This article focuses on developing for Pocket PCs, a skill which can then be transferred to Smartphone application development.
MSDN Magazine December 2006
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The .NET Compact Framework 3.5 provides a subset of Windows Communication Foundation (WCF) functionality that you can harness to communicate between Windows Mobile devices and desktop PCs. We'll show you how.
MSDN Magazine Launch 2008
Developers have myriad options when it comes to creating solutions for mobile devices. One of the greatest challenges facing mobile developers is finding a compact yet robust local storage solution. SQL Server CE 2.0 promises to deliver on both fronts. This new release represents a tremendous leap in terms of features and performance over its predecessor. This article will review some of the platform and tools choices developers have today. The authors will compare and contrast the significant new features in SQL Server CE 2.0 with the previous release. Following that, they will build a sample app for illustration.
Mark Brown and David Meunier
MSDN Magazine January 2003
The .NET Compact Framework can be used to write great code and great applications. As long as you take a few things into consideration and are willing to bend a rule or two, you can have your performance cake and eat it too. In this article the authors present some neat tricks to make life as a programmer easier when using the .NET Compact Framework. Later they discuss techniques to increase performance, and decrease both load time and memory footprints. Sample code is provided.
Dave Edson and John Socha-Leialoha
MSDN Magazine December 2004
The Compact Framework Control class doesn't provide direct access to Windows messages. However, with P/Invoke, a few lines of native code, and the Compact Framework MessageWindow class, it's still possible to access underlying Windows messages. This can be used to work around any .NET Framework features, including keyboard support, that are not included in the Compact Framework.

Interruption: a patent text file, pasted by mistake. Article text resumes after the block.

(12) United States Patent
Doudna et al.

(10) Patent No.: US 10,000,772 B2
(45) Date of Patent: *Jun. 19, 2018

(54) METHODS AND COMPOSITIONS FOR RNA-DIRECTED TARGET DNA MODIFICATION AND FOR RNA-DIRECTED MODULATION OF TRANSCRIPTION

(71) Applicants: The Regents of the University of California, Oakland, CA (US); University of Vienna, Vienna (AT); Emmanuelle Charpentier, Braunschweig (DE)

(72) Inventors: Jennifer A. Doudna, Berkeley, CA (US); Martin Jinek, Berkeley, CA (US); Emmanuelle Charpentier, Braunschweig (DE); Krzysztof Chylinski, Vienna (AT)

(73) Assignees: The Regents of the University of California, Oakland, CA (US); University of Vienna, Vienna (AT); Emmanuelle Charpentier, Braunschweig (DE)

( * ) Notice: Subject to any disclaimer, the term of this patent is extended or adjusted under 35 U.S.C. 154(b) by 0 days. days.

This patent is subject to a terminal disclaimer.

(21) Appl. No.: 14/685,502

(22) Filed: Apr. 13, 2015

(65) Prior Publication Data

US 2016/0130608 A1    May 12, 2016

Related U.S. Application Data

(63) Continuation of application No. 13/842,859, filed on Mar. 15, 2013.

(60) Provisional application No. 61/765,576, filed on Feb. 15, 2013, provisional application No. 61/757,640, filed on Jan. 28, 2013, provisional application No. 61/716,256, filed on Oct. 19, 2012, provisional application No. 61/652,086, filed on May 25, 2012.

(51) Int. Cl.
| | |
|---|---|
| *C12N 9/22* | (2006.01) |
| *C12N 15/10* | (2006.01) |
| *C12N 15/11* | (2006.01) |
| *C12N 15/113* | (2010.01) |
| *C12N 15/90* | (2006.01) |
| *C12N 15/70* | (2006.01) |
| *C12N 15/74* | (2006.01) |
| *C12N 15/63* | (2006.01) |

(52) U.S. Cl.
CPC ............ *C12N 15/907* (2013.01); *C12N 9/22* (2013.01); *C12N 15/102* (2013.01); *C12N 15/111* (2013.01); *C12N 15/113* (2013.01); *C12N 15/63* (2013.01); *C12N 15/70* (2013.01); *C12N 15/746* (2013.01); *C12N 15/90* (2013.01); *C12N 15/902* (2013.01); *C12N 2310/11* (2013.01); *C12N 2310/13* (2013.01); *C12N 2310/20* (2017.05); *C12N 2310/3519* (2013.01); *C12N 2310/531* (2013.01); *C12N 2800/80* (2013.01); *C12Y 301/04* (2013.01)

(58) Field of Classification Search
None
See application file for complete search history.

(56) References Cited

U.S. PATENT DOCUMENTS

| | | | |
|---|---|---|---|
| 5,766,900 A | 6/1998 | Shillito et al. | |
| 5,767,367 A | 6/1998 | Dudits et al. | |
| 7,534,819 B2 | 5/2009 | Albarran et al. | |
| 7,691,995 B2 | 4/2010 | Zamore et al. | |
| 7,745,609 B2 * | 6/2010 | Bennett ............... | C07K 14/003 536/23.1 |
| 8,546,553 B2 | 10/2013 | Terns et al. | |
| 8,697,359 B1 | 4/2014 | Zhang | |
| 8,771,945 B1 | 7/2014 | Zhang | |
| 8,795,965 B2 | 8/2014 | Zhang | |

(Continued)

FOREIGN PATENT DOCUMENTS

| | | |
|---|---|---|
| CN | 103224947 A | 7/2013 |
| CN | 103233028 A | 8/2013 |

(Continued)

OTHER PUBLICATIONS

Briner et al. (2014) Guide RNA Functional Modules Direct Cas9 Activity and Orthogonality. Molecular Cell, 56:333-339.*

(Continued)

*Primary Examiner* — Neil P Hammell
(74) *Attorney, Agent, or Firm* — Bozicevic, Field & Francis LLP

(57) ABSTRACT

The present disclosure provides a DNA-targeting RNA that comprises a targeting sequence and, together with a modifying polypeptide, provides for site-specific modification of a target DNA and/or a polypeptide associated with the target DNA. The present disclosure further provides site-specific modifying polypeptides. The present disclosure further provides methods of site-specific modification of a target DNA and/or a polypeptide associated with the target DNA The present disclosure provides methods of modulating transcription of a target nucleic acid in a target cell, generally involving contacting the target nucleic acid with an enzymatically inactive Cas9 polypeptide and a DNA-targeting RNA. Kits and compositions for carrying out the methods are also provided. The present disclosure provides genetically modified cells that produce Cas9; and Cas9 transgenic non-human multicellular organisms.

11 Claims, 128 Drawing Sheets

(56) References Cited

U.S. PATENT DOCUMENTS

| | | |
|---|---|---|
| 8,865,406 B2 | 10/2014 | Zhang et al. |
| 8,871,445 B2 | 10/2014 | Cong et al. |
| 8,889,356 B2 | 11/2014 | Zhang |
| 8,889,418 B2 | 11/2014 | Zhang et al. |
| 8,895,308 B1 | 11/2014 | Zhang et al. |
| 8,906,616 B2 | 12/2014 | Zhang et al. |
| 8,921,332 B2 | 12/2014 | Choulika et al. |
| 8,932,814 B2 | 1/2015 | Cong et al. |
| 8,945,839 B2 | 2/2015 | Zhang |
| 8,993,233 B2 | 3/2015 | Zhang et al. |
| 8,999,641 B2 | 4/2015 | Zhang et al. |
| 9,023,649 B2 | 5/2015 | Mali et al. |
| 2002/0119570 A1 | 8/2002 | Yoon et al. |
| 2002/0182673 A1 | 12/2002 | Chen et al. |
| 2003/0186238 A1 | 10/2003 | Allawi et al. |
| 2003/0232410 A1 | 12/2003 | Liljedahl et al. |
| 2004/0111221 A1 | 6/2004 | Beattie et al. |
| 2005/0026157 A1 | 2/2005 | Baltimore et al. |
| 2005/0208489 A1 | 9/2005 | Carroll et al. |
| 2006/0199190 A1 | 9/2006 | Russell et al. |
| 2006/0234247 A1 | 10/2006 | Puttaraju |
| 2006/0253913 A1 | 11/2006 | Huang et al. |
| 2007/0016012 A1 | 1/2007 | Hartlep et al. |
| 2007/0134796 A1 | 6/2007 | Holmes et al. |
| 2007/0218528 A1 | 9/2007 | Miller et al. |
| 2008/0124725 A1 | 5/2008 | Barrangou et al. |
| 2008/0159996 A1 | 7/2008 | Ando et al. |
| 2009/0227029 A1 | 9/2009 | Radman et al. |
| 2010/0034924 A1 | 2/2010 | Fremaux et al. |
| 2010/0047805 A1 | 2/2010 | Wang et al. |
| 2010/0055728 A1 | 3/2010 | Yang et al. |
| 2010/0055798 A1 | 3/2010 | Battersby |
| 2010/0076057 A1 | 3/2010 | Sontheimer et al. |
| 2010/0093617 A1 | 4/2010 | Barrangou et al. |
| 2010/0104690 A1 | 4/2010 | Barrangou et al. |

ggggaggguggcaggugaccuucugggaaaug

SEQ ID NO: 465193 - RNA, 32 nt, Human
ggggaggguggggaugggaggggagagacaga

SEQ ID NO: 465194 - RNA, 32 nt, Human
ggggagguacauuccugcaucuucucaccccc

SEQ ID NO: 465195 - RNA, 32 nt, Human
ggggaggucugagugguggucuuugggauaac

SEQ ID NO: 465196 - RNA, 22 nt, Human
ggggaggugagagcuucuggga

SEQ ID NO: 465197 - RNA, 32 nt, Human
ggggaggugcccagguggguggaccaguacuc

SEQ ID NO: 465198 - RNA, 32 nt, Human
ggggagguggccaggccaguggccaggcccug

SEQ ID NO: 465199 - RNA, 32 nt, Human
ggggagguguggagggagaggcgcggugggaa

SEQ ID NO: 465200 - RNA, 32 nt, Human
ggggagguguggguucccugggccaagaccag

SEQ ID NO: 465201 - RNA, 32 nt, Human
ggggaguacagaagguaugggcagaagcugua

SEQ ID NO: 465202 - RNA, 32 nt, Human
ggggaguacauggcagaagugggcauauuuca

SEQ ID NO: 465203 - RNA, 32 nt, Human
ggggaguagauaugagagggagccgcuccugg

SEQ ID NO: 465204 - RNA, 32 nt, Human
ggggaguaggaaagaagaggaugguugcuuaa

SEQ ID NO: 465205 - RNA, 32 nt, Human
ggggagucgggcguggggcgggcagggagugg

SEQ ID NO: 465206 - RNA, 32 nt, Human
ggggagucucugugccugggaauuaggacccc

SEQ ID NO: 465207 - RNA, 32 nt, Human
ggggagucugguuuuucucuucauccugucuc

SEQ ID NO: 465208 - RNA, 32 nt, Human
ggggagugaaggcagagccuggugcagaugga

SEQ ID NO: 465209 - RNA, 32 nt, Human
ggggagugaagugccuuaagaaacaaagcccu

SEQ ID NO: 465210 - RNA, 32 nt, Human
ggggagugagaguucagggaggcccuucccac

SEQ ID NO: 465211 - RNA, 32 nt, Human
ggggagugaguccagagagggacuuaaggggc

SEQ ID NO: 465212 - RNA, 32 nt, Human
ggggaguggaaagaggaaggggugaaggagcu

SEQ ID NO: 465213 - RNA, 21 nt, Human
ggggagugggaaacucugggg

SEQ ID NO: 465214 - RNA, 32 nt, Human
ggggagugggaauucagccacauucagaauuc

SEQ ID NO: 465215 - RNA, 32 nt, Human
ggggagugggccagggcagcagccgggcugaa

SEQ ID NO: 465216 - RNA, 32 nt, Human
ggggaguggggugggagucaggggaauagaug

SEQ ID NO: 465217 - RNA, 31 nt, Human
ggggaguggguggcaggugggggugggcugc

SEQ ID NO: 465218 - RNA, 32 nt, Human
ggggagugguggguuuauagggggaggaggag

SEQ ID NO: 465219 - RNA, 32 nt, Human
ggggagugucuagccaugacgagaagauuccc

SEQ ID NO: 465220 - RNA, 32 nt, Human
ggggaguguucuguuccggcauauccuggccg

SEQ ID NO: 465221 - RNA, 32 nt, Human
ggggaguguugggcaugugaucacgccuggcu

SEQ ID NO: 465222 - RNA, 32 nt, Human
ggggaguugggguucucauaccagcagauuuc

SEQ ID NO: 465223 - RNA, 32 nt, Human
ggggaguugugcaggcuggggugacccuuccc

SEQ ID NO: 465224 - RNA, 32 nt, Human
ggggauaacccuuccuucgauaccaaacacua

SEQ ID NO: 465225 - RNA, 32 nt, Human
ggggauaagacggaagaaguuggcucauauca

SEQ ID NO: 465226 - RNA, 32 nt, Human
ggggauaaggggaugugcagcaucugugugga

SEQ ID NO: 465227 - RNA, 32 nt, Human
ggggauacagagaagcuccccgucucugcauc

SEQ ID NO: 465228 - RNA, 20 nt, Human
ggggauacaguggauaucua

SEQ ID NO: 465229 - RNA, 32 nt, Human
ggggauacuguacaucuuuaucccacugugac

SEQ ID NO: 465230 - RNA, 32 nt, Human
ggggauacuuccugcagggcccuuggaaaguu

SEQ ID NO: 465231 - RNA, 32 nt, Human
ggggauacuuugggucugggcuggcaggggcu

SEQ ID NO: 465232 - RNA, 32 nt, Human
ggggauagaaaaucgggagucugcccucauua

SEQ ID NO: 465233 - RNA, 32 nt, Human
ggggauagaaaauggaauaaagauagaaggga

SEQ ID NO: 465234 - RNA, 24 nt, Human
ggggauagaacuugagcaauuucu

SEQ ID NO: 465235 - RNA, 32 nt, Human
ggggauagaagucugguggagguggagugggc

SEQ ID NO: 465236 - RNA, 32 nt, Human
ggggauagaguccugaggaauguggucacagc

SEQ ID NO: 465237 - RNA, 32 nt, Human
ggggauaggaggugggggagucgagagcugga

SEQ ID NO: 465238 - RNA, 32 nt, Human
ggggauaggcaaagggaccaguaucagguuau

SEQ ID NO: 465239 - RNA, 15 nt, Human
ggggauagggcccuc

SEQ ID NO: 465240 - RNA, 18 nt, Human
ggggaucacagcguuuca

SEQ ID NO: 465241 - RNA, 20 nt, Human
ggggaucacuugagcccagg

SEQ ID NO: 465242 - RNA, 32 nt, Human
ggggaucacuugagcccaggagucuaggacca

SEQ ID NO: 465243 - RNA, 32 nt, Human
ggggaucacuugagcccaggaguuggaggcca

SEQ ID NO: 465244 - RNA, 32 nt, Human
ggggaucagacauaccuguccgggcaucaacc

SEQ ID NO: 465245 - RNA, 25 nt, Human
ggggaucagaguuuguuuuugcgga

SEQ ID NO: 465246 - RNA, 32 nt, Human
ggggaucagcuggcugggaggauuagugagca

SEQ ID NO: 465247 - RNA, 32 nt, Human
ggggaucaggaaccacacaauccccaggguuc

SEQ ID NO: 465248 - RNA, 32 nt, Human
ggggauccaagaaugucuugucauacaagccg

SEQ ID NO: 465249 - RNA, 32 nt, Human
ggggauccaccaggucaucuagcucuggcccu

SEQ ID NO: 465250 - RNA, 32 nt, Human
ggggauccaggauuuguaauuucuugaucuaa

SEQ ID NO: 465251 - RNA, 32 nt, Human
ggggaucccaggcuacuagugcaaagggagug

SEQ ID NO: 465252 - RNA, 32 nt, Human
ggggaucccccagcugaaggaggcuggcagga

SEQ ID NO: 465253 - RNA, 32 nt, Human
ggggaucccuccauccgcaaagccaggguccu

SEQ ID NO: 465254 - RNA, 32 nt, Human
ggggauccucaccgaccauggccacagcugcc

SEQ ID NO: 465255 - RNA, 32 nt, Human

MSDN Magazine April 2004
MSDN Magazine September 2003
DirectX 9.0 is the latest evolution of the Microsoft 3D graphics technology for Windows. Direct3D, a major component of the DirectX Graphics subsystem, has evolved so rapidly in the last few years that the underlying programming paradigm has changed quite a bit from its origin. This article introduces the fundamental concepts of the unmanaged Direct3D architecture and illustrates how the managed Direct3D layer abstracts the unmanaged layer. Also, the author describes the Geometry, Texture, Device, and other classes and uses code from the Samples SDK.
Yahya H. Mirza and Henry da Costa
MSDN Magazine July 2003
Smart Device Extensions (SDE) for Visual Studio .NET allow programmers to develop applications for the .NET Compact Framework, a new platform that maintains many of the features of the .NET Framework in a version optimized for handheld devices. This article shows how SDE provides access through Visual Studio .NET to a variety of .NET classes for devices running Windows CE, including classes for creating user interfaces. Data access classes and Web Services for the .NET Compact Framework are also explained. Following that overview, a sample Web Service called XMLList is built. Then the UI-the XMLList client-side application-is created.
MSDN Magazine March 2002
Knowledge workers can understand data more effectively when raw numbers are presented in a graphical format. This is especially true when displaying database information on a Web page, where a simple chart can make the difference between a dry presentation and a vivid data source. In the past, creating dynamic, data-based charts on the fly in ASP required purchasing a third-party, image-generating COM component. Now with ASP.NET, developers can access the .NET Framework's drawing classes directly with C# to create dynamic images and charts.
MSDN Magazine February 2002